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Thread: Advise for toe-heel hiker - calluses and pain...

  1. #1
    Senior Member ^MtnMike^'s Avatar
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    Question Advise for toe-heel hiker - calluses and pain...

    I'm naturally a toe-heel walker (i.e. my feet tend to strike the ground toe/ball first) and I also overpronate when walking.
    Because of this I quickly develop fairly serious calluses around my big-toes and the balls of my feet when I increase the frequency and length of my regular hikes.

    When hiking anything over about 8 miles, especially on long, rocky, down-hill sections, the calluses will actually split from the softer skin, causing an extremely painful condition that lasts for a few days until things begin healing up again. It makes multi-day hikes hard to do, and it is standing in the way of accomplishing larger hiking goals that I am trying to work up to (e.g. single-day Presidential Traverse).

    Careful selection of boots (Merrell has a last that tends to be the most foot-friendly for me) and a liner sock inside my wool sock are two things that have helps put some extra miles on my hikes, but the more frequently I hike the worse the problem gets.
    Nothing has solved the issue entirely. Hiking with orthotics has helped a little, but they also are painful/uncomfortable over long distances so they limit my mileage in other ways.

    I'd appreciate feedback from anyone who has experienced a similar issue (and what, if anything, helped in your situation).

    Thanks!
    Last edited by ^MtnMike^; 07-23-2018 at 12:18 PM.

  2. #2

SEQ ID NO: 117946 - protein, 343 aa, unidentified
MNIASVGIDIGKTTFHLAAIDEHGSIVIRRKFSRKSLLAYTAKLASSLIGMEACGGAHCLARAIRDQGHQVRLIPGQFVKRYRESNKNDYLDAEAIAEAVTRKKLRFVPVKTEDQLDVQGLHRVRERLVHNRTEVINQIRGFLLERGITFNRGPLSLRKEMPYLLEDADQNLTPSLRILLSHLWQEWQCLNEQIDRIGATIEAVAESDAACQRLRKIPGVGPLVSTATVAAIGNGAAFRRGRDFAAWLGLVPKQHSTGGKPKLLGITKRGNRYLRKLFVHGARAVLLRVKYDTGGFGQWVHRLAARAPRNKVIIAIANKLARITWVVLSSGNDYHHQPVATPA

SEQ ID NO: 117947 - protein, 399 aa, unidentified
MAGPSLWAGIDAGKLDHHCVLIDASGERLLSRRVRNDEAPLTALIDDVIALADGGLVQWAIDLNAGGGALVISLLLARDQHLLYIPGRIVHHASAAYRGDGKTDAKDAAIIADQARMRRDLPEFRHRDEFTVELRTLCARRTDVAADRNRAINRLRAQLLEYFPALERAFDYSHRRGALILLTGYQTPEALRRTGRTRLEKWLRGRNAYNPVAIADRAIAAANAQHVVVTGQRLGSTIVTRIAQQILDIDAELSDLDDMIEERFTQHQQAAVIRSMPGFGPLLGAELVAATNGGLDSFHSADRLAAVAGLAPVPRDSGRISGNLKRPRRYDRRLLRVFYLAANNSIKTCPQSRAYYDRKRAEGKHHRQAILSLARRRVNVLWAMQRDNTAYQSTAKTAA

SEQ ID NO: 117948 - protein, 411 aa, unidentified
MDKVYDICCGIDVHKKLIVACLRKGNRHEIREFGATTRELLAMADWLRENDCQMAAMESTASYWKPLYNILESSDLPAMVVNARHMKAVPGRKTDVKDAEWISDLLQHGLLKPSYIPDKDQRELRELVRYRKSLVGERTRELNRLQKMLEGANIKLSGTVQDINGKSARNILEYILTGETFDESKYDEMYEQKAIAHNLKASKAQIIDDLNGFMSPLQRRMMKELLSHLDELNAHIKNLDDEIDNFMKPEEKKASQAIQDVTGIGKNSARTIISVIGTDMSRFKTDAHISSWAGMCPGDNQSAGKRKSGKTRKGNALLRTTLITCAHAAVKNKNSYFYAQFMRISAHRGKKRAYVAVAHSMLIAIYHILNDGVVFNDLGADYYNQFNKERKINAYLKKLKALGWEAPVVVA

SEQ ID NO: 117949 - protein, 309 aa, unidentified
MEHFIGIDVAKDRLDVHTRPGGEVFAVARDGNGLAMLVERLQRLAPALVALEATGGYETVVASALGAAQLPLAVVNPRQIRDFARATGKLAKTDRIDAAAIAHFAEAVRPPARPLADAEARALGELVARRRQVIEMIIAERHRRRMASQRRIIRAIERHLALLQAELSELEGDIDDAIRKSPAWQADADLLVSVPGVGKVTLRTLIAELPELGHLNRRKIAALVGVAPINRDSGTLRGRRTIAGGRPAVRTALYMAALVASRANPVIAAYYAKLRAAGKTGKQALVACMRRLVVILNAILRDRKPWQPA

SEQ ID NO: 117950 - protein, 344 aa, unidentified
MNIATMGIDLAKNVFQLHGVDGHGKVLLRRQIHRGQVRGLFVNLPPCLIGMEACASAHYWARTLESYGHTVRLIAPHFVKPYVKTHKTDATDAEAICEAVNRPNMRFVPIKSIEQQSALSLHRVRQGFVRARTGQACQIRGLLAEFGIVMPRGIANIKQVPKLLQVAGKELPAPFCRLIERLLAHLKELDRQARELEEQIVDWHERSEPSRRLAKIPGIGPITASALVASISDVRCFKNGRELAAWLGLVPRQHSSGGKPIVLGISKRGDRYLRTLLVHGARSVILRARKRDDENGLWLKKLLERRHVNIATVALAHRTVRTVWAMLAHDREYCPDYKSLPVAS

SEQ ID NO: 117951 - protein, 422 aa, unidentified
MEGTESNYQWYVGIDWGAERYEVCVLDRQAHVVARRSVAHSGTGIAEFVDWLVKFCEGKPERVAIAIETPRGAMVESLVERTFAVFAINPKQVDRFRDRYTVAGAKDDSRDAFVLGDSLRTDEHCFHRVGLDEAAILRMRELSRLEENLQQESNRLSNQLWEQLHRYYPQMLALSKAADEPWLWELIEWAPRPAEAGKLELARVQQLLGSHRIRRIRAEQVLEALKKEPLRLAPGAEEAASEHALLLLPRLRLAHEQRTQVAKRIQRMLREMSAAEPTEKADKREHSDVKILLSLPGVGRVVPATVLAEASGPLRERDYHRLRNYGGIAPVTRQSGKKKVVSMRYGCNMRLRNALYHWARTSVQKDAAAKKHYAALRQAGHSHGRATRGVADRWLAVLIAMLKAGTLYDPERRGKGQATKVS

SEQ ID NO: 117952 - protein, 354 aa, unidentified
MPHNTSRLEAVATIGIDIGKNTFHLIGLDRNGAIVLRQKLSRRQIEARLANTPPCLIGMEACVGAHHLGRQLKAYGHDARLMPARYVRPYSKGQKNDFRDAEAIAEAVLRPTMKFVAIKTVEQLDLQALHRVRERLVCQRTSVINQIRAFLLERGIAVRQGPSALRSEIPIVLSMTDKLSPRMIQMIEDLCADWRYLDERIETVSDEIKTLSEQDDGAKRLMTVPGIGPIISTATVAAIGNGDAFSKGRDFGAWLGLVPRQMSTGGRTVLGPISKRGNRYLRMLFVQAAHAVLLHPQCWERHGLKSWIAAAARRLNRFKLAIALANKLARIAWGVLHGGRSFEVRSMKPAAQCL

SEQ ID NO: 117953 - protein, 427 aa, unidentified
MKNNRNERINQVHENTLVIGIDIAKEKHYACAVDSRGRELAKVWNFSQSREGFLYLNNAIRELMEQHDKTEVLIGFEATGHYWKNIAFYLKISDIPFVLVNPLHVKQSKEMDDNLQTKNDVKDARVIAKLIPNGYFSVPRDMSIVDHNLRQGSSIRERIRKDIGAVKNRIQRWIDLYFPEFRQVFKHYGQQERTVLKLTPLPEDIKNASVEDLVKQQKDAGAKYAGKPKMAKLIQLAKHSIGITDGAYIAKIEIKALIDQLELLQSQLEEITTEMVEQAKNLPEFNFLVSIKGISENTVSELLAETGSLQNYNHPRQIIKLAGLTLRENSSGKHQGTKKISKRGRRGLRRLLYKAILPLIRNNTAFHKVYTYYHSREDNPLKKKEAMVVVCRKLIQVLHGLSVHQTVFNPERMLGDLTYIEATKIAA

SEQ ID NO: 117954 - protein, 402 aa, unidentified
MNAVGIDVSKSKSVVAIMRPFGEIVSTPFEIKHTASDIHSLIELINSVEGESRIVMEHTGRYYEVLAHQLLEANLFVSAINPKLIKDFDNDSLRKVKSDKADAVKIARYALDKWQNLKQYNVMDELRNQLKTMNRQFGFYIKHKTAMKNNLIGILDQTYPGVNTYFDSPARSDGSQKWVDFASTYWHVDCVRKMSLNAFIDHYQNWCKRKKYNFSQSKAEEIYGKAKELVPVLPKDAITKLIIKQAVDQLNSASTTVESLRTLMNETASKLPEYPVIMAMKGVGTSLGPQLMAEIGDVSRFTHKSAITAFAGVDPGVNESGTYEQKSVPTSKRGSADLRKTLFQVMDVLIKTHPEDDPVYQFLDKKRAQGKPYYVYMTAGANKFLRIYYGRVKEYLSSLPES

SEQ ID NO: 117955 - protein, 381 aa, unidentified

Senior Member Tom Rankin's Avatar
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    Would it be possible to train yourself to walk differently?
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  3. #3
    Senior Member bignslow's Avatar
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    I walk on my toes exclusively, my heals almost never hit the ground during a normal stride. I actually supinate (roll outwards) more than pronate due to my gait (very tight hamstrings and achillies). The only thing that started making my foot issues tolerable was switching from boots to trail runners. This allowed more flexibility of the foot through the stride (versus a rigid shank found in a hiking boot).

    I currently hike in Sportiva Raptors, though I have been considering switching to the cushy-foam maximalist shoes (e.g. Hoka or Altra)
    Warning: BigNSlow may not actually be all that slow

  4. #4
    Senior Member TJsName's Avatar
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    If you haven't tried already, I would suggest playing around with some lacing techniques. For example: http://archive.spright.com/news/ways...eve-foot-pain/ (just a quick good found that - I don't have a recommended site). I am a toe-heel stepper going downhill, and I have a wide foot, so I've found that skipping the first couple eyelets, then tying off with a surgeon's knot allows me to secure the heel but save the pinching and rubbing along my ball and big toe. I also wear Merrells (low cut Ventilators) as they are the only thing close to wide enough I have found. Good luck!